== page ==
The Roman awards and decorations system initiated a legacy which is still grounded in most of the military system. But when the ancient Roman empire began to fall apart, and modernisation started to take place, the style of honour and decoration did not change much. After the fall of the Roman Empire in 476 A.D, other empires began to appear on the surface. Their ruling styles were different and their style of rewarding was also different, but the intent behind military decorations remained the same – to honour bravery.
The Modern Era
The modern era was dominated by explorers and wanderers who left their home in the search of a new world. There was one such wanderer, Vasco DA Gama, who voyaged for the unknown world and reached India in 1524; lighting the unknown dark sea routes for all Europeans. It was just the beginning, and a new conquest of distant lands began, and European history filled with many stories of brave conquests in Asia, Africa, and South America. Back at home, the successful heroes of the expedition in colonized countries were recognized and rewarded suitably. For example, The Most Honorable Order of the Bath (1725), was created to honour the knights who were in the service of queens and kings of the British Empire. Members of the order used to wear an elaborate costume with insignia marked on their dresses. This tradition is still followed in Britain to honour their soldiers.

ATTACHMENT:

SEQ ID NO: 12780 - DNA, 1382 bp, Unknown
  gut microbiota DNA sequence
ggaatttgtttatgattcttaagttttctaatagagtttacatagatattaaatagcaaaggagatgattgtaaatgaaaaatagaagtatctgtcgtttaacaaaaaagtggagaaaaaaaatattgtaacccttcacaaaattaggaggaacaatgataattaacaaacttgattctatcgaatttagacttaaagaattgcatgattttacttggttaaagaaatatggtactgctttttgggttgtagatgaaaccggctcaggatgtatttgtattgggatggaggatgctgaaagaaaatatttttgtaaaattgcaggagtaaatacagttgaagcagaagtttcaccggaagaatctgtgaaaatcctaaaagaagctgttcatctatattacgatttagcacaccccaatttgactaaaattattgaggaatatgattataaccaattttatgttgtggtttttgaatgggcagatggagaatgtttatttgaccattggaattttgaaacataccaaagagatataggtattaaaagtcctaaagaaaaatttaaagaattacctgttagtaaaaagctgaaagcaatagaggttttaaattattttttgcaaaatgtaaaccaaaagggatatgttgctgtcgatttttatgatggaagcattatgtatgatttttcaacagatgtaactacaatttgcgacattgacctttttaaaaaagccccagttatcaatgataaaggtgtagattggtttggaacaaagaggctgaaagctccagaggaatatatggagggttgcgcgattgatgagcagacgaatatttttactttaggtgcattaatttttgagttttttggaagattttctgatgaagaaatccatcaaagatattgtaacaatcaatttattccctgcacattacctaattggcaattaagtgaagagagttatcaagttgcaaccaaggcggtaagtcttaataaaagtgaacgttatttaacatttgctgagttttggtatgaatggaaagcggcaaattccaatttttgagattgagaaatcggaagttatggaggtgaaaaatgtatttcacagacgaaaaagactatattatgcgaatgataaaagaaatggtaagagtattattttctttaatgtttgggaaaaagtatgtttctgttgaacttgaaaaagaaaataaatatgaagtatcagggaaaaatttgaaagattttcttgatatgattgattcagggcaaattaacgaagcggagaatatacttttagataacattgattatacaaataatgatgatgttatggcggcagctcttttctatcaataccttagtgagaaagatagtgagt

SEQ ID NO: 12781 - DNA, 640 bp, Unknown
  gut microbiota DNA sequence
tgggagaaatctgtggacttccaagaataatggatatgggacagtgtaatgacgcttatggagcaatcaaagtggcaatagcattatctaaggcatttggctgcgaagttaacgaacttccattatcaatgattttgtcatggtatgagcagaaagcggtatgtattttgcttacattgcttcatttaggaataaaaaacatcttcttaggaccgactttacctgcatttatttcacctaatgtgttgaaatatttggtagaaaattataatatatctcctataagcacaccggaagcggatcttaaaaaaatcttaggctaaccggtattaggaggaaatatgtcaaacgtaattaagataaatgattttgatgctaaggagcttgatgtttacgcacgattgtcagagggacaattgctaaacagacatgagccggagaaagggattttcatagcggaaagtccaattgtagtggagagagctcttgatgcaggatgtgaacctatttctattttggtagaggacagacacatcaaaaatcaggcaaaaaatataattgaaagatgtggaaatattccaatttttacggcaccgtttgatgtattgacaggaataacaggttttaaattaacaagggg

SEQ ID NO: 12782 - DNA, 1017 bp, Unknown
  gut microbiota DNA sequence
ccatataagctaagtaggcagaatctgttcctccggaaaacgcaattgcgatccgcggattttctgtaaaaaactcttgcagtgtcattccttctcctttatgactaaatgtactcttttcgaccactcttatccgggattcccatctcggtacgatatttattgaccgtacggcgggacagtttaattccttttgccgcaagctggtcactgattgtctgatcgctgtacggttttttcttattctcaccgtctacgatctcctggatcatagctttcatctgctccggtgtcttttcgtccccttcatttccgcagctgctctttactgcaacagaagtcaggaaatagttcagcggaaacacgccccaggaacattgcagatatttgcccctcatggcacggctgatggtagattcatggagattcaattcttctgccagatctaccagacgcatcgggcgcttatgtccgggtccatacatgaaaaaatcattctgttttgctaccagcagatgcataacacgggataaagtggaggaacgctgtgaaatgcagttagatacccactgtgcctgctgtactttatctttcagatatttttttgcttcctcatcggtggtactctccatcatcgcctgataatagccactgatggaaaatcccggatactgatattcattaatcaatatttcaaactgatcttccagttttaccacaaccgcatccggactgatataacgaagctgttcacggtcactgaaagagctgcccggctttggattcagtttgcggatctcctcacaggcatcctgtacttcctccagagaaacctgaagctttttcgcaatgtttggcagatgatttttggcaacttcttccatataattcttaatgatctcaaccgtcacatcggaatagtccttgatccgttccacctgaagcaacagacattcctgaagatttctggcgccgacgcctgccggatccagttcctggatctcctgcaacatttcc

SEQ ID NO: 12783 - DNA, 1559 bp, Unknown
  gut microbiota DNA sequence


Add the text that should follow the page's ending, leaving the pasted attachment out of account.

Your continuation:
Order of the Bath, Great Britain (Creative Commons)
Similarly, the great strategist Napoleon Bonaparte established a National Order of the Legion of Honour in 1802. This order is still the highest decoration in France and has been divided into Knight, Officer, Commander, Grand Officer, and Grand Cross. This highest award is given for military and civil services to those persons, who have made remarkable contributions towards the French Republic.
National Order of the Legion of Honour (French: Ordre national de la Légion d’honneur) (Creative Commons)